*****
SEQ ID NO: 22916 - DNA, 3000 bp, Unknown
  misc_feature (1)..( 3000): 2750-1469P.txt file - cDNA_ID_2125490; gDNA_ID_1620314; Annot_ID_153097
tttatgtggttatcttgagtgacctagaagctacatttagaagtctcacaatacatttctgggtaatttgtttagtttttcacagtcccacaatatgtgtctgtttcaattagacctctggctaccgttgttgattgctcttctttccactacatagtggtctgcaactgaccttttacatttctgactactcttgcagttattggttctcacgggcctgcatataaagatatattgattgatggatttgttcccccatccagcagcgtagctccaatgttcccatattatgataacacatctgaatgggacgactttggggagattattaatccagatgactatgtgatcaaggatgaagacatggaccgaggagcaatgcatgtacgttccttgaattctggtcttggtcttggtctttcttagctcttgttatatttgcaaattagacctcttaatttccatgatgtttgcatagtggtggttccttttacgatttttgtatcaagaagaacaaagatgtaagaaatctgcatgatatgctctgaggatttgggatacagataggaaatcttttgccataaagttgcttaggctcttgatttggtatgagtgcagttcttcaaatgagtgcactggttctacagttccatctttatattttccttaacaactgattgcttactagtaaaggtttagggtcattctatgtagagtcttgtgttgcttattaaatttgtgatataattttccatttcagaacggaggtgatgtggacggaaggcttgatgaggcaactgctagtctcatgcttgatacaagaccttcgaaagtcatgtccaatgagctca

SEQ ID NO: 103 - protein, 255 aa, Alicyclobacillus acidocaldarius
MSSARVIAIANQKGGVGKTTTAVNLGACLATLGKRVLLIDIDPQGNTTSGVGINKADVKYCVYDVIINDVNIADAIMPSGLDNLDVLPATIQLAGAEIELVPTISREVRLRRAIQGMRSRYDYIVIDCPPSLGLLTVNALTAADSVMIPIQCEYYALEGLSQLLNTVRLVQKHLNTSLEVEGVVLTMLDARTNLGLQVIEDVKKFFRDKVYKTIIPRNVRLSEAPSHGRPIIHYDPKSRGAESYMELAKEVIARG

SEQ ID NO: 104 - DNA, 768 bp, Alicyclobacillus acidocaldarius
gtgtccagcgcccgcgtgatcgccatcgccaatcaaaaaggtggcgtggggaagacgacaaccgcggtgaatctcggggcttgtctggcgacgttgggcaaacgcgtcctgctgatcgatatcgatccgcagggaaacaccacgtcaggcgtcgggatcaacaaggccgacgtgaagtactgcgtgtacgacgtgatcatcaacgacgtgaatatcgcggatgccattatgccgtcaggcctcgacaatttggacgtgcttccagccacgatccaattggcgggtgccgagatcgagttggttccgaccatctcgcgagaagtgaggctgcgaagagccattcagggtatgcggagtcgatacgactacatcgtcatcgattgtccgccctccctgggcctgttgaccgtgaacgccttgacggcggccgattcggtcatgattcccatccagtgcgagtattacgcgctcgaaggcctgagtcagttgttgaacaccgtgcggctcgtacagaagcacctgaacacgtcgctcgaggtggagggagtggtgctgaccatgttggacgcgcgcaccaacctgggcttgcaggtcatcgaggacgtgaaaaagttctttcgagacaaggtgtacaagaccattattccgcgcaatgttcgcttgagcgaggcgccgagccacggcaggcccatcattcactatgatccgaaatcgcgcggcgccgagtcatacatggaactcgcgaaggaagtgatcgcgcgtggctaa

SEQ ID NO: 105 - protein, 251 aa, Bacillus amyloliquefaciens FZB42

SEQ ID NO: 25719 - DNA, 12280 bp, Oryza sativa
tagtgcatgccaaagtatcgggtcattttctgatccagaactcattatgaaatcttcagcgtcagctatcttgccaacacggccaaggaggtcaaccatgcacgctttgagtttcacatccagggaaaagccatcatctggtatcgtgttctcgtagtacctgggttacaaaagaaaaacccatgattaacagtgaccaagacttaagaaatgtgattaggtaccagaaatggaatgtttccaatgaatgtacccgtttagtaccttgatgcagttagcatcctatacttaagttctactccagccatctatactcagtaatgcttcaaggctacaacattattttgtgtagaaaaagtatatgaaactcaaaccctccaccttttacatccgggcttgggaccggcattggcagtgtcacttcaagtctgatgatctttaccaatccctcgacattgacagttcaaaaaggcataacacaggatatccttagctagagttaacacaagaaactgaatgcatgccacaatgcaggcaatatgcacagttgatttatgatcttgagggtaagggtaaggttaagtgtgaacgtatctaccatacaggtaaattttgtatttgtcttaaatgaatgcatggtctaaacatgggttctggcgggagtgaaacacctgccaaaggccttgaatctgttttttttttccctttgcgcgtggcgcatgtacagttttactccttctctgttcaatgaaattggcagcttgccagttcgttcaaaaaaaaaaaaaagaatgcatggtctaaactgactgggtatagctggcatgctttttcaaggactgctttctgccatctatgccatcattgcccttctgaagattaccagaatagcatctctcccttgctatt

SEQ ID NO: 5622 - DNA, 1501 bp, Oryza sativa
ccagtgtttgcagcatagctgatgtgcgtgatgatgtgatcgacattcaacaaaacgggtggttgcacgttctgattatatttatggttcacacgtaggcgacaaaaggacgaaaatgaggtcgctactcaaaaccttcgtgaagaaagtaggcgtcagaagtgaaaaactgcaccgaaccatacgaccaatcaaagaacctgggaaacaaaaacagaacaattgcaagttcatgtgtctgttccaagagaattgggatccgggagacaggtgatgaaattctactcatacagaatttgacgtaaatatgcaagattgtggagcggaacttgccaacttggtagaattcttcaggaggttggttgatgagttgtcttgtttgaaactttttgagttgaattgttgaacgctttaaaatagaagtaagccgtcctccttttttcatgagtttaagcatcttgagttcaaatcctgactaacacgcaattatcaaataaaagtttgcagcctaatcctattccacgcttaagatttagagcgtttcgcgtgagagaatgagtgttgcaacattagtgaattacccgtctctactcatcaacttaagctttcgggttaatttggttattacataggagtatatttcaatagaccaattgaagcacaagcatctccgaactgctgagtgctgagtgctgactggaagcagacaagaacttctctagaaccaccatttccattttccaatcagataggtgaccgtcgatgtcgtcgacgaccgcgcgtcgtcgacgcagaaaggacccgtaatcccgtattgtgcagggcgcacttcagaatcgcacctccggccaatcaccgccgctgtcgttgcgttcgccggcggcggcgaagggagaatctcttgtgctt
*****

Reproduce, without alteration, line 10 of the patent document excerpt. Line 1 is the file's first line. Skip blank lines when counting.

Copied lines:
tagtgcatgccaaagtatcgggtcattttctgatccagaactcattatgaaatcttcagcgtcagctatcttgccaacacggccaaggaggtcaaccatgcacgctttgagtttcacatccagggaaaagccatcatctggtatcgtgttctcgtagtacctgggttacaaaagaaaaacccatgattaacagtgaccaagacttaagaaatgtgattaggtaccagaaatggaatgtttccaatgaatgtacccgtttagtaccttgatgcagttagcatcctatacttaagttctactccagccatctatactcagtaatgcttcaaggctacaacattattttgtgtagaaaaagtatatgaaactcaaaccctccaccttttacatccgggcttgggaccggcattggcagtgtcacttcaagtctgatgatctttaccaatccctcgacattgacagttcaaaaaggcataacacaggatatccttagctagagttaacacaagaaactgaatgcatgccacaatgcaggcaatatgcacagttgatttatgatcttgagggtaagggtaaggttaagtgtgaacgtatctaccatacaggtaaattttgtatttgtcttaaatgaatgcatggtctaaacatgggttctggcgggagtgaaacacctgccaaaggccttgaatctgttttttttttccctttgcgcgtggcgcatgtacagttttactccttctctgttcaatgaaattggcagcttgccagttcgttcaaaaaaaaaaaaaagaatgcatggtctaaactgactgggtatagctggcatgctttttcaaggactgctttctgccatctatgccatcattgcccttctgaagattaccagaatagcatctctcccttgctatt